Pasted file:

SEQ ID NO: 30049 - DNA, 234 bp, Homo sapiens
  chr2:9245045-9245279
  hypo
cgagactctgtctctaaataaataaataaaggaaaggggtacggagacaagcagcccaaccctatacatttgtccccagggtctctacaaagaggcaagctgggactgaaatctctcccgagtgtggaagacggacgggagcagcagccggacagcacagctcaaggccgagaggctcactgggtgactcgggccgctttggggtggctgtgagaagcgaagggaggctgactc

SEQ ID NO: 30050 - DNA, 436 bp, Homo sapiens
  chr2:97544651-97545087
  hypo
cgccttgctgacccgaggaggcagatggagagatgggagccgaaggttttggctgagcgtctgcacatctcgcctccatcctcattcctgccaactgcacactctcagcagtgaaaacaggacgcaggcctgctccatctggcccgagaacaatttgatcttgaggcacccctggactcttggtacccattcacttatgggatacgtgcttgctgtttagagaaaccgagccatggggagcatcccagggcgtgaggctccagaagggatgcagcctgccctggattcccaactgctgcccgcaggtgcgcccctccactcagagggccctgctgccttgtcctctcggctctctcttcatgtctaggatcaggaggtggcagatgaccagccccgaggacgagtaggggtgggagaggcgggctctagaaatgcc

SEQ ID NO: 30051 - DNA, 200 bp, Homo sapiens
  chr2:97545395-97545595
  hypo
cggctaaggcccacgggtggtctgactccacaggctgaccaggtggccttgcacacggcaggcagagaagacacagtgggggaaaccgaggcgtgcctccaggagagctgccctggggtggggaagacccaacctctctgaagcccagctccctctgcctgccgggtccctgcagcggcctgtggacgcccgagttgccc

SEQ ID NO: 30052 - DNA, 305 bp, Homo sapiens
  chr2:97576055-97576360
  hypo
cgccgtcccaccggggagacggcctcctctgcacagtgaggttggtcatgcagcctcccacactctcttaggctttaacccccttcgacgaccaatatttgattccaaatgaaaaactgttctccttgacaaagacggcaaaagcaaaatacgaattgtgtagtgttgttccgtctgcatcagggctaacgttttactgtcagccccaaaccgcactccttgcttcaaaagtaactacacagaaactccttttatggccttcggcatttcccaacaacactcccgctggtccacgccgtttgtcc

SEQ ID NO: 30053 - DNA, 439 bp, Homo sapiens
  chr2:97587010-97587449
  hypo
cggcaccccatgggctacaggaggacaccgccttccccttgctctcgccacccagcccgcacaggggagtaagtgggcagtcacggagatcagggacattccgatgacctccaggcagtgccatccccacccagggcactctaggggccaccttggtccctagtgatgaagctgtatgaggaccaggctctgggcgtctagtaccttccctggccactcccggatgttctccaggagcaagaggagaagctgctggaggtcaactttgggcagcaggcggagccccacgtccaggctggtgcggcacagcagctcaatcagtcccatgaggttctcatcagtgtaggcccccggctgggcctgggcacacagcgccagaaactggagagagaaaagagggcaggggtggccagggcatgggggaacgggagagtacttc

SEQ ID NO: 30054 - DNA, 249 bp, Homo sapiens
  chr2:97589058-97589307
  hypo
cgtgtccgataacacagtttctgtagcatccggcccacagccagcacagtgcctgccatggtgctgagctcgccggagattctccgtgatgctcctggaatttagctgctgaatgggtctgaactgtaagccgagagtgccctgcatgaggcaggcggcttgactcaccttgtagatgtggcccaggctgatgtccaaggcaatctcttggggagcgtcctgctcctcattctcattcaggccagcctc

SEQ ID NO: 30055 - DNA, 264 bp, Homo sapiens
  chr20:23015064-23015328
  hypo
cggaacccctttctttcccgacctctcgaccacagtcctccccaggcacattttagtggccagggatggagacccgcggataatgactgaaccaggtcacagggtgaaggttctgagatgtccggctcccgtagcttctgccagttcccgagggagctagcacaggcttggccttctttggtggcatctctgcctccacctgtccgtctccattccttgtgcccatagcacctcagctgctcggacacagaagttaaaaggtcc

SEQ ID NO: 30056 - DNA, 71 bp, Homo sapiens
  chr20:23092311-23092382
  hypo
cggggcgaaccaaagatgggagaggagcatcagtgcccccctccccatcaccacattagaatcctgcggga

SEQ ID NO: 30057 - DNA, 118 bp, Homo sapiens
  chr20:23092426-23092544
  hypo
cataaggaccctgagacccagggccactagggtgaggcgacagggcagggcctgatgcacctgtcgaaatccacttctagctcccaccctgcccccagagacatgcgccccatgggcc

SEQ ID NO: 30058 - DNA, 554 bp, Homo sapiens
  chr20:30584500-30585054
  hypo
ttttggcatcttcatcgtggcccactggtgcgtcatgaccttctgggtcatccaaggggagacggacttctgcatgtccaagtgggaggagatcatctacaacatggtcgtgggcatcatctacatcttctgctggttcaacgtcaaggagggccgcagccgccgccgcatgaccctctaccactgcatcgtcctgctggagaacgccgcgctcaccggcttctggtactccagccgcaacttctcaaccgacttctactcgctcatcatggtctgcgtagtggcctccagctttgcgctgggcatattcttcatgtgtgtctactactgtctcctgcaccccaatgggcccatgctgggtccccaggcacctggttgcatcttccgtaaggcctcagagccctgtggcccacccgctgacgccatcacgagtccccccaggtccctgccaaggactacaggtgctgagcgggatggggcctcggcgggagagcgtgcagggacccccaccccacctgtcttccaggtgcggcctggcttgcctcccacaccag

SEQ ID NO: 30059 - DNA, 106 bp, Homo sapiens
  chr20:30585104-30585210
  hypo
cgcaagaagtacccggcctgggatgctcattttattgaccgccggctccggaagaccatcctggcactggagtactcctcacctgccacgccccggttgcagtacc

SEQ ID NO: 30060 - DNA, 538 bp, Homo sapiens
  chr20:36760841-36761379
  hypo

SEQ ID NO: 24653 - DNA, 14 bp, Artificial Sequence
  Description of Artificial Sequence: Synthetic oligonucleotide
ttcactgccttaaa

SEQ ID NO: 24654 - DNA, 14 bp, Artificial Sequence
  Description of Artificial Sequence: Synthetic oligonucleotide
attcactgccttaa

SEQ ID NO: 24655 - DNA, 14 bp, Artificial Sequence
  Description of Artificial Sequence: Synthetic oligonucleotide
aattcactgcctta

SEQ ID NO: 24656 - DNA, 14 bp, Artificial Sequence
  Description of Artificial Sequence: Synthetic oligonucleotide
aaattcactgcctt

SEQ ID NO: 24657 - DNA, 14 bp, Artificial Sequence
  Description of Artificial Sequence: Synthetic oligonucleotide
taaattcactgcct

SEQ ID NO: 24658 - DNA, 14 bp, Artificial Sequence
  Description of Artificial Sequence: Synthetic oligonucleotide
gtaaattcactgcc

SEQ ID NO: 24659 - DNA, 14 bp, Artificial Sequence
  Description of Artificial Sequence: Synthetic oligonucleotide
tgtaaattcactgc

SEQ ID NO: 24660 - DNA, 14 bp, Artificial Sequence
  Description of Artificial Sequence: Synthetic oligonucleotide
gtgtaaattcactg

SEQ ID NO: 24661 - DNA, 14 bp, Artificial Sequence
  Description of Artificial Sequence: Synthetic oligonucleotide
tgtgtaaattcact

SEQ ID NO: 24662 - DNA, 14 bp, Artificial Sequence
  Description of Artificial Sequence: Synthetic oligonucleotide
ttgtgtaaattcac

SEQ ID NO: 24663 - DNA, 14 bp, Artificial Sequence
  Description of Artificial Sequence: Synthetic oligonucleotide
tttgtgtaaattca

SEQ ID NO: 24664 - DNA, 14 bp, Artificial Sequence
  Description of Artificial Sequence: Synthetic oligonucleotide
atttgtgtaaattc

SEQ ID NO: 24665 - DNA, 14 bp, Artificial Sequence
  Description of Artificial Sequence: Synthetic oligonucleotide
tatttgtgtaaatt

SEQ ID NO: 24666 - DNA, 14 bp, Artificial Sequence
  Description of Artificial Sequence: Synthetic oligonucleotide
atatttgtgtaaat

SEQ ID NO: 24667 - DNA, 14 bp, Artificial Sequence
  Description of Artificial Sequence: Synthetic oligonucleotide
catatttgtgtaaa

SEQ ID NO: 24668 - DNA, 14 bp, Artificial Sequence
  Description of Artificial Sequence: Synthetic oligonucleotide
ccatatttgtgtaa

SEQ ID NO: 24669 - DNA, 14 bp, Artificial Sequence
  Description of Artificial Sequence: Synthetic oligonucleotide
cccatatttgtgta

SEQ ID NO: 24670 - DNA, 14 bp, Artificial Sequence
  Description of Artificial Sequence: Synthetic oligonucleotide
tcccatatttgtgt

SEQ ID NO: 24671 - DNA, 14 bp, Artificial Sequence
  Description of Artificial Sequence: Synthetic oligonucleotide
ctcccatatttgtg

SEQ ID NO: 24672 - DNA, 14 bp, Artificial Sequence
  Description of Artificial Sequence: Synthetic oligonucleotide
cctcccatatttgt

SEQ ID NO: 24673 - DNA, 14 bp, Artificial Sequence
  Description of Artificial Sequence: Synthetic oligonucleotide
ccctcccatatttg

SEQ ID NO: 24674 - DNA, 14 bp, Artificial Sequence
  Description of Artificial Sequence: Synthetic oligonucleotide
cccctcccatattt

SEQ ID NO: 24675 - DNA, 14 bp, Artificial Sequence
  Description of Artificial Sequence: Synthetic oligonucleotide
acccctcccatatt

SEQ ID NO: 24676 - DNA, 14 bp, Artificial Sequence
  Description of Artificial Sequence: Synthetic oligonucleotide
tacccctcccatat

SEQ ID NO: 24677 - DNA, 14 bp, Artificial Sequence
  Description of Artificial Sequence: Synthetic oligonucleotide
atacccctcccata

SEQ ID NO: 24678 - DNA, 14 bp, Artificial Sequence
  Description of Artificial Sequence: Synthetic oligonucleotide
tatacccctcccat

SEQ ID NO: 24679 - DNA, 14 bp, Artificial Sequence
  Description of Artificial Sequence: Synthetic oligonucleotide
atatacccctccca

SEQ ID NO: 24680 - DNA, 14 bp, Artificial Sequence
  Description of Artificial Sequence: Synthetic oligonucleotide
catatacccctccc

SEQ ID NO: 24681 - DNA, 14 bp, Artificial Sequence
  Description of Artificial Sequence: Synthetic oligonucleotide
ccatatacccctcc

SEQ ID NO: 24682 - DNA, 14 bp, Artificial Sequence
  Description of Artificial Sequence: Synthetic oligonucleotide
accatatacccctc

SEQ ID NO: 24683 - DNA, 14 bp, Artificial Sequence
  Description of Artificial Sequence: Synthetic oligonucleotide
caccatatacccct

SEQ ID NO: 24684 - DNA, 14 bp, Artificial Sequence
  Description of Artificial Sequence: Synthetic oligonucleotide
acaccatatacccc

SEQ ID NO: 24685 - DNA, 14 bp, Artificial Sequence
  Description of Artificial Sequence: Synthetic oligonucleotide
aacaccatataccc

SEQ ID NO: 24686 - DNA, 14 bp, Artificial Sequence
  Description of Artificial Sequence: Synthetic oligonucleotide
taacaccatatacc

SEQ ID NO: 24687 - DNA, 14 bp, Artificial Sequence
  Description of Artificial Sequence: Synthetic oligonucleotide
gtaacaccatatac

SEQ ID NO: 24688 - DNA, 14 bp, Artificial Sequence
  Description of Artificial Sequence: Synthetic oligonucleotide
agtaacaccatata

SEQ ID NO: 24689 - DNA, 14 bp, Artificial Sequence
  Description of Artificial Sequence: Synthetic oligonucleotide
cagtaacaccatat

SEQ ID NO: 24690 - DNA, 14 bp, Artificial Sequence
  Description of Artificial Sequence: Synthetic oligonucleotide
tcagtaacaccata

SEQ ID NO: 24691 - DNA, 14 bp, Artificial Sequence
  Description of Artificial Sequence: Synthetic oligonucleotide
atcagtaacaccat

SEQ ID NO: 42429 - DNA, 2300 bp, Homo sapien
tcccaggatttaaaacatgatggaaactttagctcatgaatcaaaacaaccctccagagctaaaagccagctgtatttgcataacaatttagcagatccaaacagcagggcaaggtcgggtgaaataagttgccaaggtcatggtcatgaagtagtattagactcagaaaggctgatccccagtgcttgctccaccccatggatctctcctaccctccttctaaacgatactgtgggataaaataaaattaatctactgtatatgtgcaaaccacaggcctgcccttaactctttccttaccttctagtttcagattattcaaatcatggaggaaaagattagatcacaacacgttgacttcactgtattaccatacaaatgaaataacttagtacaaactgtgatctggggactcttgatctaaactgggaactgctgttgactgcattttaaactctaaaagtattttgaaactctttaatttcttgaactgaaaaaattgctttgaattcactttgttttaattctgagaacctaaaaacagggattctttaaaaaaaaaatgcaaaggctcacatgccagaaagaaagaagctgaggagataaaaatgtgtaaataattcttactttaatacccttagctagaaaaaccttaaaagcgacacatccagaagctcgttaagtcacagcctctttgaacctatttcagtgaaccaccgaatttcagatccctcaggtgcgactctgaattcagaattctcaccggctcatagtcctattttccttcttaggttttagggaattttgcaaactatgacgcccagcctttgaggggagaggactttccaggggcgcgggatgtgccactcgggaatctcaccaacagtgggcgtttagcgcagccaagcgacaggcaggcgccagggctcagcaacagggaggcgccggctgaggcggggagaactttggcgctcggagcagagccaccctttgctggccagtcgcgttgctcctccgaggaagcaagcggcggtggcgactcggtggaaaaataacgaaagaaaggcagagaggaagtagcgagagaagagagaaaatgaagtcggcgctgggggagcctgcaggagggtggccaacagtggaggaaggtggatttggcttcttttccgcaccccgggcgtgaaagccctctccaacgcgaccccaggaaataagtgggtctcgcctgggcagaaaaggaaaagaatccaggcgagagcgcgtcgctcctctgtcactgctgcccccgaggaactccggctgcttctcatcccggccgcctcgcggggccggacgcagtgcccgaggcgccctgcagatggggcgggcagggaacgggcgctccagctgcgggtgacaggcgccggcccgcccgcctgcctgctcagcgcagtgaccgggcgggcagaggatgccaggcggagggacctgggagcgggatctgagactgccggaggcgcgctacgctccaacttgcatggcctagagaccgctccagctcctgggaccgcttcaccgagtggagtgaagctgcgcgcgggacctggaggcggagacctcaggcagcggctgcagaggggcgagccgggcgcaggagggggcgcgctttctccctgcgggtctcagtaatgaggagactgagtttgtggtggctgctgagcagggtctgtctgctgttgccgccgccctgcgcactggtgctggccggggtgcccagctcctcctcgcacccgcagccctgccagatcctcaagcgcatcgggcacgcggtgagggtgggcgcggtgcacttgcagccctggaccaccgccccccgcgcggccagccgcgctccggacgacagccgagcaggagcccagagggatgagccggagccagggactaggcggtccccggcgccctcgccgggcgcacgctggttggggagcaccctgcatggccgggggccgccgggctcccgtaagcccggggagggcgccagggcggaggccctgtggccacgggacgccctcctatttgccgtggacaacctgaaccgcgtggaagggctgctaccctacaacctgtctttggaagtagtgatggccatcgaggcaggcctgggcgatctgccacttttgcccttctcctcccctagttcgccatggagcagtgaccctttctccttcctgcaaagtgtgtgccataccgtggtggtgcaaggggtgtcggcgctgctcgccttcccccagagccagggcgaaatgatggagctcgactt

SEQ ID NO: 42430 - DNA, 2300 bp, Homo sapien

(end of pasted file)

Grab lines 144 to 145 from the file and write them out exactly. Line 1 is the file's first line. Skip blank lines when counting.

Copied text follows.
SEQ ID NO: 24685 - DNA, 14 bp, Artificial Sequence
  Description of Artificial Sequence: Synthetic oligonucleotide